02740 - Piles of solid and canister shot; Arsenal grounds, Richmond, Va; 1865 [LC-DIG-cwpb-02740]
We generally think of cannons firing just cannon balls, in fact they could fire a number of different types of rounds. Four common types of shot were used during the war. Solid shot was literally a large metal ball with no explosive. The damage was done by the impact of a heavy object striking the target. To increase the destruction, the ball could be hollowed out and filled with explosives. The explosion was timed to detonate in the air just above the enemy, causing 6-12 large chunks of metal that could kill or wound troops in the area.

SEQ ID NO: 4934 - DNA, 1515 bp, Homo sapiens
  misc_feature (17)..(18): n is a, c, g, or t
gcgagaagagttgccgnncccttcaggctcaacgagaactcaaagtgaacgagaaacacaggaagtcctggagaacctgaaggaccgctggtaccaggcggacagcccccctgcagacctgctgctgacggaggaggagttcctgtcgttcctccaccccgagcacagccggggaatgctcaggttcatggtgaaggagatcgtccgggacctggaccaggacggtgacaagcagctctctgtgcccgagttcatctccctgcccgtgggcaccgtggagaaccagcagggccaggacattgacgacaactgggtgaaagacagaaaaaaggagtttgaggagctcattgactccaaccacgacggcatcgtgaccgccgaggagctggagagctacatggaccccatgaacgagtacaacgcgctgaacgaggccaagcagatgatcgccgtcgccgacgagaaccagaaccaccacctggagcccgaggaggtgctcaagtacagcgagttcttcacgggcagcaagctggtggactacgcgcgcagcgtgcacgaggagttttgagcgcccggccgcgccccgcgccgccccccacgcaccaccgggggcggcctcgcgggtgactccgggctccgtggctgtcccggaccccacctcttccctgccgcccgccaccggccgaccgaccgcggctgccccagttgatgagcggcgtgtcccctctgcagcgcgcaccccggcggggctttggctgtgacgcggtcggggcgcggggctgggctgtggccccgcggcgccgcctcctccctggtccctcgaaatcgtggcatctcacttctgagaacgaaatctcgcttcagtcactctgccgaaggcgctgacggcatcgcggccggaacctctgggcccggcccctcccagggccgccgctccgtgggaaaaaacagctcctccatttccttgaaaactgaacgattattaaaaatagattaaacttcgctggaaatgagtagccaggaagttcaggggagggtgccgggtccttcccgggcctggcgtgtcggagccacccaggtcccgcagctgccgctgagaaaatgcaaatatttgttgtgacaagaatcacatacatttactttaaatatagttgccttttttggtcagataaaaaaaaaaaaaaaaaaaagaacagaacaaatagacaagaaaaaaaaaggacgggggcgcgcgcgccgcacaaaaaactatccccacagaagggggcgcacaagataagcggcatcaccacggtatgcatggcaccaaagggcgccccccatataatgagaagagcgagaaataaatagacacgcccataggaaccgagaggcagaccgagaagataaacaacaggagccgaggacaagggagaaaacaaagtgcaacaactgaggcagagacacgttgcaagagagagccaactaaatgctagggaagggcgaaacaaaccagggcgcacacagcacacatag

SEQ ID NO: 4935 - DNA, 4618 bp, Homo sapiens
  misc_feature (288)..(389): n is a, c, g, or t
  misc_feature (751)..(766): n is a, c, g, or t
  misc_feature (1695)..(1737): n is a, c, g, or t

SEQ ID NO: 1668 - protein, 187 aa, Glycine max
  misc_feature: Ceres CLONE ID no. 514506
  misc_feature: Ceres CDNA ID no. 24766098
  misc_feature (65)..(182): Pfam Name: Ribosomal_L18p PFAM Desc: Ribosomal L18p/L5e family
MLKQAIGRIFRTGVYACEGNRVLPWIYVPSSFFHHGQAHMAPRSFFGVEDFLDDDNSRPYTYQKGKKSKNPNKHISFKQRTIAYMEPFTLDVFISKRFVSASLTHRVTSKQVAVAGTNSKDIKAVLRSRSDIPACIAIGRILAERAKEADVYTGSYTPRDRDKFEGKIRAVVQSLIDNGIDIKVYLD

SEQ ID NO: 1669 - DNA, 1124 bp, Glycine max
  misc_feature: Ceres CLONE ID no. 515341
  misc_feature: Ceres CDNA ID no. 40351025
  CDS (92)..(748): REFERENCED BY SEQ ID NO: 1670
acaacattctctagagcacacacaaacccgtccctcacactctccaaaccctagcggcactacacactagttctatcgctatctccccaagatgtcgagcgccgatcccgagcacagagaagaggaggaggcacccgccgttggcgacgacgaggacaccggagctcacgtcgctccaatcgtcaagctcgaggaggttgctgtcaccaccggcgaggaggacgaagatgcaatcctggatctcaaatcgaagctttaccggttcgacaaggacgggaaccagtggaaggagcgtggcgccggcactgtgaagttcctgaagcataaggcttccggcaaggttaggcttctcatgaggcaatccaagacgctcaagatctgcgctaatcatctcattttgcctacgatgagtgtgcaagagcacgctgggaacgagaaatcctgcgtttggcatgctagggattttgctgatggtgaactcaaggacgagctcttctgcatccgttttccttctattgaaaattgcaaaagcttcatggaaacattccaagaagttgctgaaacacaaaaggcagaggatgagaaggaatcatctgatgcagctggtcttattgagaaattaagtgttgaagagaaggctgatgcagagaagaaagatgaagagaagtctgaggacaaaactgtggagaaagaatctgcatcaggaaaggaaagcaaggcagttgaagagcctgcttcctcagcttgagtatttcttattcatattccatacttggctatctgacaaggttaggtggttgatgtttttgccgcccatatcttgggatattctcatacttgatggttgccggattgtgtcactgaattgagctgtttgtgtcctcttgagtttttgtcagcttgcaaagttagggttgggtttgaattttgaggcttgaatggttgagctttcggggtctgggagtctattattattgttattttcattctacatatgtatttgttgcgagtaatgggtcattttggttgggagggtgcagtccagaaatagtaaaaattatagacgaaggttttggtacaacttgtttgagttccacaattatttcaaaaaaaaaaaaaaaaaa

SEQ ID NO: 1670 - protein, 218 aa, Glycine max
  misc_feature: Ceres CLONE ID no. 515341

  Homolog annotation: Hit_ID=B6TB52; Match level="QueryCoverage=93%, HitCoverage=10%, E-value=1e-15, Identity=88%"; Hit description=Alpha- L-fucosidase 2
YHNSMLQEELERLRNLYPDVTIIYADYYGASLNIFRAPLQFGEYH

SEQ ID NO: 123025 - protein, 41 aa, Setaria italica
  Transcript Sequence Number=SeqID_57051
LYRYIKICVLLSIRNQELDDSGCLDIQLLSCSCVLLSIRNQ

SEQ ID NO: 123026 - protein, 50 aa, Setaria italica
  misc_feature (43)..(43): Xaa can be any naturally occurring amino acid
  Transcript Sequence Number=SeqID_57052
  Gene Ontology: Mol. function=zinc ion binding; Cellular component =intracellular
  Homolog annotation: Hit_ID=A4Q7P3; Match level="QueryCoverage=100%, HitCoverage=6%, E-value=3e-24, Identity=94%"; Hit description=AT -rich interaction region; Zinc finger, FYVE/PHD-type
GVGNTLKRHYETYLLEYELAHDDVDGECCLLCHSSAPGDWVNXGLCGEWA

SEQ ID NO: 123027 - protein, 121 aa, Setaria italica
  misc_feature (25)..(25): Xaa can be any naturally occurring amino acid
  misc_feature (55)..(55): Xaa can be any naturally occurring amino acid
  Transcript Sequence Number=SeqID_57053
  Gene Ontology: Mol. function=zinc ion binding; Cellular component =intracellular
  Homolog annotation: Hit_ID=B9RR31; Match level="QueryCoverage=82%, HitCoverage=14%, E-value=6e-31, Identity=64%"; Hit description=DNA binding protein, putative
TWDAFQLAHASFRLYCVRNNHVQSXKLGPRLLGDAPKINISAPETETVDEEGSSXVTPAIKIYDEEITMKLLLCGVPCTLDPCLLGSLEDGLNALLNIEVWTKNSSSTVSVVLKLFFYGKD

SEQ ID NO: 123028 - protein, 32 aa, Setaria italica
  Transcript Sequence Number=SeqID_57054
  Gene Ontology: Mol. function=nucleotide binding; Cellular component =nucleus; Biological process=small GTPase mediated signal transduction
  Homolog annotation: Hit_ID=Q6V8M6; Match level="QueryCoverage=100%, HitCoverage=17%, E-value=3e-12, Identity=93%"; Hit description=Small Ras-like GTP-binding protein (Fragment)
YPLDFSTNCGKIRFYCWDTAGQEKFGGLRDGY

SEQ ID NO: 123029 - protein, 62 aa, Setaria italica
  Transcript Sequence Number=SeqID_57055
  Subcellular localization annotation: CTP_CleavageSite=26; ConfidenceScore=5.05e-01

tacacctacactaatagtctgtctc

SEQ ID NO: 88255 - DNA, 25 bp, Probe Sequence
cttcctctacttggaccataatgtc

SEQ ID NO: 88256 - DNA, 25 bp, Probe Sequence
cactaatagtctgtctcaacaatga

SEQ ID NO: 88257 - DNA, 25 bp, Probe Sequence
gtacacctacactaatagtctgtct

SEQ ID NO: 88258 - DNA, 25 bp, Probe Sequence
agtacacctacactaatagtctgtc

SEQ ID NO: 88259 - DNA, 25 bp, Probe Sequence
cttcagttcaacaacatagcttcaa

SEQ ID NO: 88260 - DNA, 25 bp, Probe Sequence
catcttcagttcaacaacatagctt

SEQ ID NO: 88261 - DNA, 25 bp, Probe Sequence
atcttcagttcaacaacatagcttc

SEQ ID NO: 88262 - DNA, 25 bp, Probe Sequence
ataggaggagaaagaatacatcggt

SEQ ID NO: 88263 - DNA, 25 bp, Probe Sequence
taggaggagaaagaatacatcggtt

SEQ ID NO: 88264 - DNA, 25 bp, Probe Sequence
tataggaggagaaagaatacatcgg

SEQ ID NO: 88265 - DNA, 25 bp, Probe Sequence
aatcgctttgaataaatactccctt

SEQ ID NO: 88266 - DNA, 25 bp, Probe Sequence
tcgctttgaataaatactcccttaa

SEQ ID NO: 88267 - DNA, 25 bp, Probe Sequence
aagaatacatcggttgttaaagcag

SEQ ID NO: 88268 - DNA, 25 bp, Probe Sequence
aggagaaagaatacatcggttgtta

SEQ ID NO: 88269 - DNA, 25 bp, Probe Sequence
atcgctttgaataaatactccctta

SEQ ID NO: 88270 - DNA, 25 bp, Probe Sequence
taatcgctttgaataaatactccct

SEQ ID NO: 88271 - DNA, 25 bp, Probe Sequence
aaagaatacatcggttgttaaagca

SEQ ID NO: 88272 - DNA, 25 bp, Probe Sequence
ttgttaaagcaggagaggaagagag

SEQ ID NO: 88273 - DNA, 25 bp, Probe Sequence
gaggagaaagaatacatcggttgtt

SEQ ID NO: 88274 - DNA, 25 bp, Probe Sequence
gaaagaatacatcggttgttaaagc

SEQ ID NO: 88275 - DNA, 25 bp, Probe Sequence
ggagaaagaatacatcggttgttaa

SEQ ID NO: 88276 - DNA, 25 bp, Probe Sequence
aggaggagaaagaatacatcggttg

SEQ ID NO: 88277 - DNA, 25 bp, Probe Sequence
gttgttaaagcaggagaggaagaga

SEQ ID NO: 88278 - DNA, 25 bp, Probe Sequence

To make the weapon more effective, the ball could be filled with 40-80 musket balls, causing a much greater amount of destruction. The term shrapnel was named for British General Henry Shrapnel, who thought up the idea. While extremely effective, this shell was very hard to produce and a simpler method was needed to produce the same results.
In the background of this image, you can see wooden disks with rows of small balls stacked to form a “canister”. It was easy to load the disks into the cannon and fire them at a target. The wooden disks would break apart after leaving the cannon. What remained airborne was a set of small cannon balls, that acted like a giant shotgun and caused devastating damage. This stockpile was used during the siege of Richmond between 1864 and 1865.